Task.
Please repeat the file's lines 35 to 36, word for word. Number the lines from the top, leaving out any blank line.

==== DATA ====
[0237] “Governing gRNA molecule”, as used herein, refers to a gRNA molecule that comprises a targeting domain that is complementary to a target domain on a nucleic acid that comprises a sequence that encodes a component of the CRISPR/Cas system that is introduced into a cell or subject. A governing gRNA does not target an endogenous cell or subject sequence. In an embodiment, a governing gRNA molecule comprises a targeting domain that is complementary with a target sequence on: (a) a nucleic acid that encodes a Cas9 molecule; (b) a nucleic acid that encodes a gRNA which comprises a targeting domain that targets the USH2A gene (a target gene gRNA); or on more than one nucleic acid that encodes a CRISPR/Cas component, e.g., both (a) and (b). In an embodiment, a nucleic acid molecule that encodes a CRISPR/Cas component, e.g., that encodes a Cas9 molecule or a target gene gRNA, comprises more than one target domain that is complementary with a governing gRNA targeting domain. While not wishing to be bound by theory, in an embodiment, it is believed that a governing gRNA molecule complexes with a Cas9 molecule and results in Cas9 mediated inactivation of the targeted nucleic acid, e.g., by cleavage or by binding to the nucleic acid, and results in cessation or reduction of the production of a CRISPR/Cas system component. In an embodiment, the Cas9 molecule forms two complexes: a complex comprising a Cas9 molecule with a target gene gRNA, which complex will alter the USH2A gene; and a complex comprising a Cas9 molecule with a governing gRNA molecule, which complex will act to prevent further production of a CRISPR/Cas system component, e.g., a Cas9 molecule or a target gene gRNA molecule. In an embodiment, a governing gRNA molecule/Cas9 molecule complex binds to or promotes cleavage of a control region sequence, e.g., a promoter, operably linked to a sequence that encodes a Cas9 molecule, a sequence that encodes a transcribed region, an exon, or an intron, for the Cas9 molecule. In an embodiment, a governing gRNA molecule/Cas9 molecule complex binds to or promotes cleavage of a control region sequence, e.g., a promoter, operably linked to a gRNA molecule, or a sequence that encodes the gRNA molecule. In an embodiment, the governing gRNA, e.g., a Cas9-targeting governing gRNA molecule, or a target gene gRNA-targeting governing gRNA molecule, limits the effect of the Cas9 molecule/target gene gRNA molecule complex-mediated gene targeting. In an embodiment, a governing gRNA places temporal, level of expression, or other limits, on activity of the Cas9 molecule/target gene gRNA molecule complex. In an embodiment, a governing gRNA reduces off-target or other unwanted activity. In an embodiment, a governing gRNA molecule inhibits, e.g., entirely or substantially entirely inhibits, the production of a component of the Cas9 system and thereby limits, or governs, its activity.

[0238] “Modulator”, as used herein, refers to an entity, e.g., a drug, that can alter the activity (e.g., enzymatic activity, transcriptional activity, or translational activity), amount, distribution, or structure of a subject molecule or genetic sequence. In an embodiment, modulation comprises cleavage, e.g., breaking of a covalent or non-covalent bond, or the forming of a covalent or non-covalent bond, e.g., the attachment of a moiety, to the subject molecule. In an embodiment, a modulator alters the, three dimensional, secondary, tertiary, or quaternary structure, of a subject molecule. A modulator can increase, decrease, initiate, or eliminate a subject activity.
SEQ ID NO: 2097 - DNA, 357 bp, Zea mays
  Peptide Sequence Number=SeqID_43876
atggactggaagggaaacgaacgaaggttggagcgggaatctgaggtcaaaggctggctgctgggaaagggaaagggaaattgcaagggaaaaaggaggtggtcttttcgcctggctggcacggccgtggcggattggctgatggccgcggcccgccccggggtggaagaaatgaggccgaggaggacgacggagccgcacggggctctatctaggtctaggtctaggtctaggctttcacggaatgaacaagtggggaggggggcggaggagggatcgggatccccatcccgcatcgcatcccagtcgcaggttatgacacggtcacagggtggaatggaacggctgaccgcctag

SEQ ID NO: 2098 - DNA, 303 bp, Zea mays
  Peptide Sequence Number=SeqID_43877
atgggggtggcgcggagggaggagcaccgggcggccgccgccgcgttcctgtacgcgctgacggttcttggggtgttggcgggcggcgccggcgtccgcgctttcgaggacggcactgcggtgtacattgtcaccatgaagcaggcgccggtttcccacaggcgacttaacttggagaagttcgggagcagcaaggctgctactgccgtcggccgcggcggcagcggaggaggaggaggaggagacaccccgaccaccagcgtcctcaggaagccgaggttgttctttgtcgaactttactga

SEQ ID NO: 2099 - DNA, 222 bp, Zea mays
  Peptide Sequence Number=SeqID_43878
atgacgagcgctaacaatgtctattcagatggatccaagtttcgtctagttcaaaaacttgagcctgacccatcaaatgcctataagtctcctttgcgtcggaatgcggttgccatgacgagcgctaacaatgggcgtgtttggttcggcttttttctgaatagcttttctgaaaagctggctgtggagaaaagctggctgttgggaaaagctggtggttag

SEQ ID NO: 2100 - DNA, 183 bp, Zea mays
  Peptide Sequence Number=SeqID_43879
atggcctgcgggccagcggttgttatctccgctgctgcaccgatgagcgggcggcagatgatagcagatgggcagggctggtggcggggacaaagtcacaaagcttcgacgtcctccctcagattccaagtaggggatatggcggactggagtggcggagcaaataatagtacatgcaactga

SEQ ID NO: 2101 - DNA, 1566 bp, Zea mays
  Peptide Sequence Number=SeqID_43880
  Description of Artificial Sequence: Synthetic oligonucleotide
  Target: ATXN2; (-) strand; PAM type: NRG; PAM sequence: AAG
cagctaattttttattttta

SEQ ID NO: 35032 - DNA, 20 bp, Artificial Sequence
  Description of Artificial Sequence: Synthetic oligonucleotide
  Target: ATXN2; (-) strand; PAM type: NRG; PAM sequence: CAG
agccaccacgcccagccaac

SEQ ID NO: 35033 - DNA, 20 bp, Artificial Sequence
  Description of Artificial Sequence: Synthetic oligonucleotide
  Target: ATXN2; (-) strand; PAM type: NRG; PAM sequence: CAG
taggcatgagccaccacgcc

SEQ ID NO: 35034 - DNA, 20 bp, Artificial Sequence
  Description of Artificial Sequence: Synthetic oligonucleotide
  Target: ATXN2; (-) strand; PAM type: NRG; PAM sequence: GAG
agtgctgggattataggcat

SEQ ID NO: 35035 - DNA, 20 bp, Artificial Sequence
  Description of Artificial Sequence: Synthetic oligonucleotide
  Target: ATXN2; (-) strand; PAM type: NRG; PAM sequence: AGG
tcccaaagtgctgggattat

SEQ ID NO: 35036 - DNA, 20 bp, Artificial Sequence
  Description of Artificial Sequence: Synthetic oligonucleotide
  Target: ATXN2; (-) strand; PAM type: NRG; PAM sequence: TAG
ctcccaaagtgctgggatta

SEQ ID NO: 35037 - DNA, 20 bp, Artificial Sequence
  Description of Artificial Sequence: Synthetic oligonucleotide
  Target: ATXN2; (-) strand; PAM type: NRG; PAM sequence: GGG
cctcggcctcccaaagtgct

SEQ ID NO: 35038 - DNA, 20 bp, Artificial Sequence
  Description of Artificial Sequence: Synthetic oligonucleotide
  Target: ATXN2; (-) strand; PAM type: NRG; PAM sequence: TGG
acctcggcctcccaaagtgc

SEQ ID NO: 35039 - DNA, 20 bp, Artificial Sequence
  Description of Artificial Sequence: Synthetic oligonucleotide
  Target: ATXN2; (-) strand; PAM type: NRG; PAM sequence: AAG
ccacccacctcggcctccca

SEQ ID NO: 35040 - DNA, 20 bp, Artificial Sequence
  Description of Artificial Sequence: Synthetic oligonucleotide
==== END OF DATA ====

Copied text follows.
tcccaaagtgctgggattat

SEQ ID NO: 35036 - DNA, 20 bp, Artificial Sequence